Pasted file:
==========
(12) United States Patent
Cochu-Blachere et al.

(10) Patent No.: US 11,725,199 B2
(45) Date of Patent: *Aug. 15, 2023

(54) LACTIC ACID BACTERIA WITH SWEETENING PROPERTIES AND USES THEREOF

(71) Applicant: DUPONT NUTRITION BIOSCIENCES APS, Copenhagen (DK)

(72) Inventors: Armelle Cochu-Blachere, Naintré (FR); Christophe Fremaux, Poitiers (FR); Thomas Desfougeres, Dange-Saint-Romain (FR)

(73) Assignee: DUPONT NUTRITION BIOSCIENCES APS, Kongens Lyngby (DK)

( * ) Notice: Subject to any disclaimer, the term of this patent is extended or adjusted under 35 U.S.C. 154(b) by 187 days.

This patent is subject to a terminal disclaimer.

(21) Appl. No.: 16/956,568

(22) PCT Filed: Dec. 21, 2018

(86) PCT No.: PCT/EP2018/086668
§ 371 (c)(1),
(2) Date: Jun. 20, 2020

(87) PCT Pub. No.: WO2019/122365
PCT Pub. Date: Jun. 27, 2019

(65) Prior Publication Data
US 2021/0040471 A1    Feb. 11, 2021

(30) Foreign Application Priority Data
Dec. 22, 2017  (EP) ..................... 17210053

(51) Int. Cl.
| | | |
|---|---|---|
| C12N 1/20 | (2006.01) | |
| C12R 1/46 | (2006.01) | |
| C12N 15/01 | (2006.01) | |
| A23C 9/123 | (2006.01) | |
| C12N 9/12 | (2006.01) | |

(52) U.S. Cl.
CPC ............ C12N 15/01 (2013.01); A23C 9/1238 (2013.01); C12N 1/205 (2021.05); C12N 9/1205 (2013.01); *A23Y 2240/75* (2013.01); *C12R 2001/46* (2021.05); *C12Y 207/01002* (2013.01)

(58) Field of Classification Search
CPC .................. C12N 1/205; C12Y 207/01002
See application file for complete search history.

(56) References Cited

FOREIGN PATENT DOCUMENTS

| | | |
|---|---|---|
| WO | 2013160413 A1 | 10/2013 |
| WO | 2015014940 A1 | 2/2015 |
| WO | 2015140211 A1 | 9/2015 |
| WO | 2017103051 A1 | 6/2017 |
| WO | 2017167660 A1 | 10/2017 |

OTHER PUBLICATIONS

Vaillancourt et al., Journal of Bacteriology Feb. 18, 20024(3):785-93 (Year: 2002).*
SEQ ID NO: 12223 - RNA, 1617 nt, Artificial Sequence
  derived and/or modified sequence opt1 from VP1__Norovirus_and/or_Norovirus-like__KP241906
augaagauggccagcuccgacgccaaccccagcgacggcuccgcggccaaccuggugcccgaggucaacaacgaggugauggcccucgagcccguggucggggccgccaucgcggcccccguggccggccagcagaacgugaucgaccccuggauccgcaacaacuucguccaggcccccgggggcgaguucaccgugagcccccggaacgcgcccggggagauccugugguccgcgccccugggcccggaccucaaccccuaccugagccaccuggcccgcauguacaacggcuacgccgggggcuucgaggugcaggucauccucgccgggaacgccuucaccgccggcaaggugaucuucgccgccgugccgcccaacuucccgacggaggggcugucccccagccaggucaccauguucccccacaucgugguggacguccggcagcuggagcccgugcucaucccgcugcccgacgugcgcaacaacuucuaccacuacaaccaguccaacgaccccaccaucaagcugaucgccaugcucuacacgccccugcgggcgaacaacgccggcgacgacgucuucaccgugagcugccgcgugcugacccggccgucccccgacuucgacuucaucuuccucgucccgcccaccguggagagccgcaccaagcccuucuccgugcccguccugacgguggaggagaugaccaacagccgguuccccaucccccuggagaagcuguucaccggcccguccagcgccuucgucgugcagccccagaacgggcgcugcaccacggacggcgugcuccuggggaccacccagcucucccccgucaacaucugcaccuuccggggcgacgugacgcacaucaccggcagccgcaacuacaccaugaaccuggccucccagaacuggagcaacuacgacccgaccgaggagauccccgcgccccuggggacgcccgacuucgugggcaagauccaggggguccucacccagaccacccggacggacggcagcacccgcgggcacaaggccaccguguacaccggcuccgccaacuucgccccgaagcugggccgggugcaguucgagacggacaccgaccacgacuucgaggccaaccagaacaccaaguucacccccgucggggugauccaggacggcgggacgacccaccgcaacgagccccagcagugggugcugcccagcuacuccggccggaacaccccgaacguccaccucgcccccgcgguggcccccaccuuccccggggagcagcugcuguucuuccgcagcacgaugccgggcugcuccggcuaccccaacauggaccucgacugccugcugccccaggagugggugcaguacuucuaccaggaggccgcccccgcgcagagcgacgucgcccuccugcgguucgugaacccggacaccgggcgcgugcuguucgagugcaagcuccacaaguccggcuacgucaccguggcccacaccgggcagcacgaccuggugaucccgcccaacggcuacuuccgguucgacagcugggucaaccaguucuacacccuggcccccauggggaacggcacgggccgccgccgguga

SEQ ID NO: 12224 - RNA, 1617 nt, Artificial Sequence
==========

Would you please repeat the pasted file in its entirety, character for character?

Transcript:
(12) United States Patent
Cochu-Blachere et al.

(10) Patent No.: US 11,725,199 B2
(45) Date of Patent: *Aug. 15, 2023

(54) LACTIC ACID BACTERIA WITH SWEETENING PROPERTIES AND USES THEREOF

(71) Applicant: DUPONT NUTRITION BIOSCIENCES APS, Copenhagen (DK)

(72) Inventors: Armelle Cochu-Blachere, Naintré (FR); Christophe Fremaux, Poitiers (FR); Thomas Desfougeres, Dange-Saint-Romain (FR)

(73) Assignee: DUPONT NUTRITION BIOSCIENCES APS, Kongens Lyngby (DK)

( * ) Notice: Subject to any disclaimer, the term of this patent is extended or adjusted under 35 U.S.C. 154(b) by 187 days.

This patent is subject to a terminal disclaimer.

(21) Appl. No.: 16/956,568

(22) PCT Filed: Dec. 21, 2018

(86) PCT No.: PCT/EP2018/086668
§ 371 (c)(1),
(2) Date: Jun. 20, 2020

(87) PCT Pub. No.: WO2019/122365
PCT Pub. Date: Jun. 27, 2019

(65) Prior Publication Data
US 2021/0040471 A1    Feb. 11, 2021

(30) Foreign Application Priority Data
Dec. 22, 2017  (EP) ..................... 17210053

(51) Int. Cl.
| | | |
|---|---|---|
| C12N 1/20 | (2006.01) | |
| C12R 1/46 | (2006.01) | |
| C12N 15/01 | (2006.01) | |
| A23C 9/123 | (2006.01) | |
| C12N 9/12 | (2006.01) | |

(52) U.S. Cl.
CPC ............ C12N 15/01 (2013.01); A23C 9/1238 (2013.01); C12N 1/205 (2021.05); C12N 9/1205 (2013.01); *A23Y 2240/75* (2013.01); *C12R 2001/46* (2021.05); *C12Y 207/01002* (2013.01)

(58) Field of Classification Search
CPC .................. C12N 1/205; C12Y 207/01002
See application file for complete search history.

(56) References Cited

FOREIGN PATENT DOCUMENTS

| | | |
|---|---|---|
| WO | 2013160413 A1 | 10/2013 |
| WO | 2015014940 A1 | 2/2015 |
| WO | 2015140211 A1 | 9/2015 |
| WO | 2017103051 A1 | 6/2017 |
| WO | 2017167660 A1 | 10/2017 |

OTHER PUBLICATIONS

Vaillancourt et al., Journal of Bacteriology Feb. 18, 20024(3):785-93 (Year: 2002).*
SEQ ID NO: 12223 - RNA, 1617 nt, Artificial Sequence
  derived and/or modified sequence opt1 from VP1__Norovirus_and/or_Norovirus-like__KP241906
augaagauggccagcuccgacgccaaccccagcgacggcuccgcggccaaccuggugcccgaggucaacaacgaggugauggcccucgagcccguggucggggccgccaucgcggcccccguggccggccagcagaacgugaucgaccccuggauccgcaacaacuucguccaggcccccgggggcgaguucaccgugagcccccggaacgcgcccggggagauccugugguccgcgccccugggcccggaccucaaccccuaccugagccaccuggcccgcauguacaacggcuacgccgggggcuucgaggugcaggucauccucgccgggaacgccuucaccgccggcaaggugaucuucgccgccgugccgcccaacuucccgacggaggggcugucccccagccaggucaccauguucccccacaucgugguggacguccggcagcuggagcccgugcucaucccgcugcccgacgugcgcaacaacuucuaccacuacaaccaguccaacgaccccaccaucaagcugaucgccaugcucuacacgccccugcgggcgaacaacgccggcgacgacgucuucaccgugagcugccgcgugcugacccggccgucccccgacuucgacuucaucuuccucgucccgcccaccguggagagccgcaccaagcccuucuccgugcccguccugacgguggaggagaugaccaacagccgguuccccaucccccuggagaagcuguucaccggcccguccagcgccuucgucgugcagccccagaacgggcgcugcaccacggacggcgugcuccuggggaccacccagcucucccccgucaacaucugcaccuuccggggcgacgugacgcacaucaccggcagccgcaacuacaccaugaaccuggccucccagaacuggagcaacuacgacccgaccgaggagauccccgcgccccuggggacgcccgacuucgugggcaagauccaggggguccucacccagaccacccggacggacggcagcacccgcgggcacaaggccaccguguacaccggcuccgccaacuucgccccgaagcugggccgggugcaguucgagacggacaccgaccacgacuucgaggccaaccagaacaccaaguucacccccgucggggugauccaggacggcgggacgacccaccgcaacgagccccagcagugggugcugcccagcuacuccggccggaacaccccgaacguccaccucgcccccgcgguggcccccaccuuccccggggagcagcugcuguucuuccgcagcacgaugccgggcugcuccggcuaccccaacauggaccucgacugccugcugccccaggagugggugcaguacuucuaccaggaggccgcccccgcgcagagcgacgucgcccuccugcgguucgugaacccggacaccgggcgcgugcuguucgagugcaagcuccacaaguccggcuacgucaccguggcccacaccgggcagcacgaccuggugaucccgcccaacggcuacuuccgguucgacagcugggucaaccaguucuacacccuggcccccauggggaacggcacgggccgccgccgguga

SEQ ID NO: 12224 - RNA, 1617 nt, Artificial Sequence